“Speedy” Bill Smith on the 4x Sedan:
"When we built that car, there was a rule that said there was a minimum wheelbase, but there was no rule about a maximum wheelbase. The engine had to be in the stock position. So we moved the front axle forward, which had the same effect as moving the engine back.
When Lloyd was on that 16-race winning streak, he had to start last in every race. We started 24 cars in the feature and Lloyd started 24th every night. He never crashed the car never had a mechanical problem. Even in the heat race and dash we started last and won those most of the time.
No one had thought about putting the driver in the middle of the car, but we did. Lloyd had a great sense of balance, better than anyone I’ve ever known.
We won every race for a year and a half, won 16 feature in a row…NEVER LOST…started dead last. I wasn’t very well liked. It was kind of like when Jeff Gordon crashed. And they booed him. The same phenomenon was there then. I couldn’t go into a bar. I couldn’t go to a restaurant. Everybody in the world wanted to pick a fight with me just because my car was winning all the races. I switched engines in the car one night (to a smaller cubic inch version) but that didn’t stop the streak. Beckman just kept on winning as though nothing had changed at all. When we finally lost, it was because of a tire or something, I can’t remember for sure. As a young man Lloyd Beckman was a fantastic roller-skater. He used to win skating contests all the time. He had that balance. In his prime was as quick as Muhammad Ali, he could touch his nose and the tip of his toe and you’d never see his hands move. He had cat-like reactions and so he made an excellent racecar driver.
I built the car in a very short amount of time. The rules said you couldn’t set the engine back, but I always liked to figure out what the rules didn’t say rather than what they did say.
Since we couldn’t move the engine back, we moved the front axle forward which had the same effect. Beckman used his foot on the brake to hold it straight rather than slow it down. I worked on the brakes more than I worked on the engine. He drove for six decades and won features in six decades. He drove for me and then we would have a spat, not all brothers kiss and hug every day. We won every race and never broke down in 1960 and 1961, of course in those days that was a tremendous accomplishment. It got to the point where we won so many races; people would come and see because they just knew we were going to get beat that next week. Lloyd was very tenastic and had a tremendous desire to win and achieve; however you have to do it. Lloyd probably had the quickest reactions and the best seat-of-the-pants feel of any driver I’ve had drive my cars. He could actually tag onto a guy so close you couldn’t slip a dollar bill between the two of them. I’ve seen that car spin directly in front of him, and he’d never touch the other car. But he’d be that close. He had cat-like reactions.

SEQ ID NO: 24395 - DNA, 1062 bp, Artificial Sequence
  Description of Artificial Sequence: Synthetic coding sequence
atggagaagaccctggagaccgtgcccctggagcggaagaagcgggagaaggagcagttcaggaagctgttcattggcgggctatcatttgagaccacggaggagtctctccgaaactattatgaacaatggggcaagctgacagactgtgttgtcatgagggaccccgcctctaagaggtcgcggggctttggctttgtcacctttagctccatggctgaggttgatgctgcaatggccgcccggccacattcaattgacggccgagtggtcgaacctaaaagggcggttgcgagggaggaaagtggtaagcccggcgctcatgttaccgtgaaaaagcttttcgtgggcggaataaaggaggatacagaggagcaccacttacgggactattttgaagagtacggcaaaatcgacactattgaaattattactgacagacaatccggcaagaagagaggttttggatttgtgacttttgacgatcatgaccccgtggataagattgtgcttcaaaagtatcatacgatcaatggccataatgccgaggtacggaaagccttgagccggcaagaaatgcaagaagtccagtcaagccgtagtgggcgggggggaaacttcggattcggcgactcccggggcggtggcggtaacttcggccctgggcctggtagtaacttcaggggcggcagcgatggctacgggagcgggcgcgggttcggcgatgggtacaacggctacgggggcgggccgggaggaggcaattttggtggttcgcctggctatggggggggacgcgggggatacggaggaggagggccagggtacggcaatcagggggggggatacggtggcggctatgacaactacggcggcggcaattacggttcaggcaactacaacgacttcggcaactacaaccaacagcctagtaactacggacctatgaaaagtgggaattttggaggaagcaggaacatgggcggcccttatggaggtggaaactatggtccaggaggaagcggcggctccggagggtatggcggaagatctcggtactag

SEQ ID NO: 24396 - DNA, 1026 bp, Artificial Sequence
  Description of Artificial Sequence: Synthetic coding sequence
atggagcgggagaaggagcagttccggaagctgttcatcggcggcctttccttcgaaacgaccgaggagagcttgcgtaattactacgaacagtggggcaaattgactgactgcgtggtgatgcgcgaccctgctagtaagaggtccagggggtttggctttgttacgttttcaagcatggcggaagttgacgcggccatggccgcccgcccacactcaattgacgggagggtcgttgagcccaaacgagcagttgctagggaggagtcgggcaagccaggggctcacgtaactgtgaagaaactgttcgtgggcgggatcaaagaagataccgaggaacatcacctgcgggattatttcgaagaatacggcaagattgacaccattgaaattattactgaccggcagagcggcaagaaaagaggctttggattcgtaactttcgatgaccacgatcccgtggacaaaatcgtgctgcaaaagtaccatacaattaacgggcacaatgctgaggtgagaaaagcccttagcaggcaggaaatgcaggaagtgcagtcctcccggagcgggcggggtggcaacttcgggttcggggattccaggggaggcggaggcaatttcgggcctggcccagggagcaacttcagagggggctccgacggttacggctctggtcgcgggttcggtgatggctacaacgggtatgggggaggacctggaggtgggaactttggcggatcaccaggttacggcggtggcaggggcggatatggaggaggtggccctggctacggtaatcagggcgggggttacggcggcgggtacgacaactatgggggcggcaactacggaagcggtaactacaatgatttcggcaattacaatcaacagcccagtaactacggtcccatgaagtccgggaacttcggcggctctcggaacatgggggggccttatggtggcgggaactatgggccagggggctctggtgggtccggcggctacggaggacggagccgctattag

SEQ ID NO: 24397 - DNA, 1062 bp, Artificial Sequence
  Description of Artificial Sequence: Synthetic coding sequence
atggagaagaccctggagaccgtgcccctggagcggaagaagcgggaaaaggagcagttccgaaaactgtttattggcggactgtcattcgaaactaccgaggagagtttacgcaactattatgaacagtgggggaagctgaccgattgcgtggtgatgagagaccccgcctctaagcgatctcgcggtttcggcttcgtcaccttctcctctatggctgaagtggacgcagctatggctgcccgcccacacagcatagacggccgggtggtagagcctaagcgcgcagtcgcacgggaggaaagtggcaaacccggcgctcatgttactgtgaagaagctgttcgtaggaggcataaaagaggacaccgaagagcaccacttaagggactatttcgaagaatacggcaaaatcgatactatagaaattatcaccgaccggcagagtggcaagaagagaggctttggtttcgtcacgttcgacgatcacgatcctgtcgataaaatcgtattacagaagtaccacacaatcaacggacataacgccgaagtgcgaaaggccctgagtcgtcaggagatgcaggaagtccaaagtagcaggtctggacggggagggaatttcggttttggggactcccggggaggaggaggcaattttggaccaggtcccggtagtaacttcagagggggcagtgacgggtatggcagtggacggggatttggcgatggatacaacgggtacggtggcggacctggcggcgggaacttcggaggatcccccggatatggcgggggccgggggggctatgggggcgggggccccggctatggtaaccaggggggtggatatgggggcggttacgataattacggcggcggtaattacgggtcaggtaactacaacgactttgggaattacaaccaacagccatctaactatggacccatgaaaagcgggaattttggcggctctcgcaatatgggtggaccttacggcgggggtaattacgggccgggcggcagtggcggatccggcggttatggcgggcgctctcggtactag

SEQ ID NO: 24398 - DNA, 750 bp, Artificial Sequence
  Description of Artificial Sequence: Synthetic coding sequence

The Sedan and Lloyd were a perfect match. He’d watch what the characteristics of the other drivers were, so he knew what moves they would make. He knew if he could fluster them or if he couldn’t. I know that probably I feel in my own mind, and this may be a little selfish, but actually what Lloyd and I did with that sedan in this area, brought racing far above any form of racing that there ever was around the country. At one time this area was known as the finest there was nationwide. I think that’s because of the effort Lloyd put into it and I put into it. When you get outclassed, whether you’re showing horses or playing golf or whatever you’re doing, somebody continually beats you, you usually try to parallel that guy or try to do better. So I think we gave them a very high point to shoot at, both in Lloyd’s ability and the equipment I put under him. There were a few other guys that drove the car, Bob Burdick, Gordon Woolley, John Wilkinson and Keith Hightshoe come to mind. They all said it was the best handling car they’d ever driven. They all copied the car and by 1963 there were several other cars like this running around. But they were still all chasing this one. They never could catch it, that’s in the history books."
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